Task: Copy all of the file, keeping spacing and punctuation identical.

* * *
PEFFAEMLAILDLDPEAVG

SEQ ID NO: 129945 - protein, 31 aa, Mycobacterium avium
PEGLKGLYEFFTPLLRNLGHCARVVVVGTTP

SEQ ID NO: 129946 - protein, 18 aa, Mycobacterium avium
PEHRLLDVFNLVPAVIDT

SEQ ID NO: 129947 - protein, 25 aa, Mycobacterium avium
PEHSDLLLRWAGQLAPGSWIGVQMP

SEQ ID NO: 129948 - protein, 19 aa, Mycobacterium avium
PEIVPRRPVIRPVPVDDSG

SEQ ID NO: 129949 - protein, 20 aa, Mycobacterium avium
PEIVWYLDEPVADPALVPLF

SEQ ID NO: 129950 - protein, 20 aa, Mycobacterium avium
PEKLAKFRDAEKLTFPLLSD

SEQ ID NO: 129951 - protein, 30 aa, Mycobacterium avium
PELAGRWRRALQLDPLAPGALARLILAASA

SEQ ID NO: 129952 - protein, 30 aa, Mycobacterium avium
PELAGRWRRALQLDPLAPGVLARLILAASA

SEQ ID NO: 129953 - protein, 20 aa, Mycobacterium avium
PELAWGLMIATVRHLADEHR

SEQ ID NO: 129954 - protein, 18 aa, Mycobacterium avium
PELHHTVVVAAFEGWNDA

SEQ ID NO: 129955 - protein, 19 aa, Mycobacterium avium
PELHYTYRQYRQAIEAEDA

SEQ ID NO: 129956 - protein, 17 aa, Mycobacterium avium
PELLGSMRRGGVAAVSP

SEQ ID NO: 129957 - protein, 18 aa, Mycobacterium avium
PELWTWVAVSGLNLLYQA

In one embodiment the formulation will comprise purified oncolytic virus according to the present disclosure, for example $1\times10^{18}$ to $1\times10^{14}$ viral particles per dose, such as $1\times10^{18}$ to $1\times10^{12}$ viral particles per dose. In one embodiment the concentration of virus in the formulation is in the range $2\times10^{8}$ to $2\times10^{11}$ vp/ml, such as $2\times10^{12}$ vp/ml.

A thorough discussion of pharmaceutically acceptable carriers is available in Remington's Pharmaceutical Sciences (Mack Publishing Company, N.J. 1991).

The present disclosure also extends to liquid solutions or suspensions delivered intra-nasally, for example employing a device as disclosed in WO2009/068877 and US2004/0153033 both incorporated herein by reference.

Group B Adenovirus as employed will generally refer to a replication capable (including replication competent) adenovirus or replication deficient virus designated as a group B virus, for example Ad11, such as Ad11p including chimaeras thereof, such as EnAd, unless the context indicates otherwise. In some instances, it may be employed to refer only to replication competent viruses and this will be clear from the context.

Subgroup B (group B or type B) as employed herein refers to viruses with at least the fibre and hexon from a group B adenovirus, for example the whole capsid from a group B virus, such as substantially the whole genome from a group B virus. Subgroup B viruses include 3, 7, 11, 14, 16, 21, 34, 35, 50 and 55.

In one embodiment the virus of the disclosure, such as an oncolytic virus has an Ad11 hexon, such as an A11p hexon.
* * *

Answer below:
PEFFAEMLAILDLDPEAVG

SEQ ID NO: 129945 - protein, 31 aa, Mycobacterium avium
PEGLKGLYEFFTPLLRNLGHCARVVVVGTTP

SEQ ID NO: 129946 - protein, 18 aa, Mycobacterium avium
PEHRLLDVFNLVPAVIDT

SEQ ID NO: 129947 - protein, 25 aa, Mycobacterium avium
PEHSDLLLRWAGQLAPGSWIGVQMP

SEQ ID NO: 129948 - protein, 19 aa, Mycobacterium avium
PEIVPRRPVIRPVPVDDSG

SEQ ID NO: 129949 - protein, 20 aa, Mycobacterium avium
PEIVWYLDEPVADPALVPLF

SEQ ID NO: 129950 - protein, 20 aa, Mycobacterium avium
PEKLAKFRDAEKLTFPLLSD

SEQ ID NO: 129951 - protein, 30 aa, Mycobacterium avium
PELAGRWRRALQLDPLAPGALARLILAASA

SEQ ID NO: 129952 - protein, 30 aa, Mycobacterium avium
PELAGRWRRALQLDPLAPGVLARLILAASA

SEQ ID NO: 129953 - protein, 20 aa, Mycobacterium avium
PELAWGLMIATVRHLADEHR

SEQ ID NO: 129954 - protein, 18 aa, Mycobacterium avium
PELHHTVVVAAFEGWNDA

SEQ ID NO: 129955 - protein, 19 aa, Mycobacterium avium
PELHYTYRQYRQAIEAEDA

SEQ ID NO: 129956 - protein, 17 aa, Mycobacterium avium
PELLGSMRRGGVAAVSP

SEQ ID NO: 129957 - protein, 18 aa, Mycobacterium avium
PELWTWVAVSGLNLLYQA

In one embodiment the formulation will comprise purified oncolytic virus according to the present disclosure, for example $1\times10^{18}$ to $1\times10^{14}$ viral particles per dose, such as $1\times10^{18}$ to $1\times10^{12}$ viral particles per dose. In one embodiment the concentration of virus in the formulation is in the range $2\times10^{8}$ to $2\times10^{11}$ vp/ml, such as $2\times10^{12}$ vp/ml.

A thorough discussion of pharmaceutically acceptable carriers is available in Remington's Pharmaceutical Sciences (Mack Publishing Company, N.J. 1991).

The present disclosure also extends to liquid solutions or suspensions delivered intra-nasally, for example employing a device as disclosed in WO2009/068877 and US2004/0153033 both incorporated herein by reference.

Group B Adenovirus as employed will generally refer to a replication capable (including replication competent) adenovirus or replication deficient virus designated as a group B virus, for example Ad11, such as Ad11p including chimaeras thereof, such as EnAd, unless the context indicates otherwise. In some instances, it may be employed to refer only to replication competent viruses and this will be clear from the context.

Subgroup B (group B or type B) as employed herein refers to viruses with at least the fibre and hexon from a group B adenovirus, for example the whole capsid from a group B virus, such as substantially the whole genome from a group B virus. Subgroup B viruses include 3, 7, 11, 14, 16, 21, 34, 35, 50 and 55.

In one embodiment the virus of the disclosure, such as an oncolytic virus has an Ad11 hexon, such as an A11p hexon.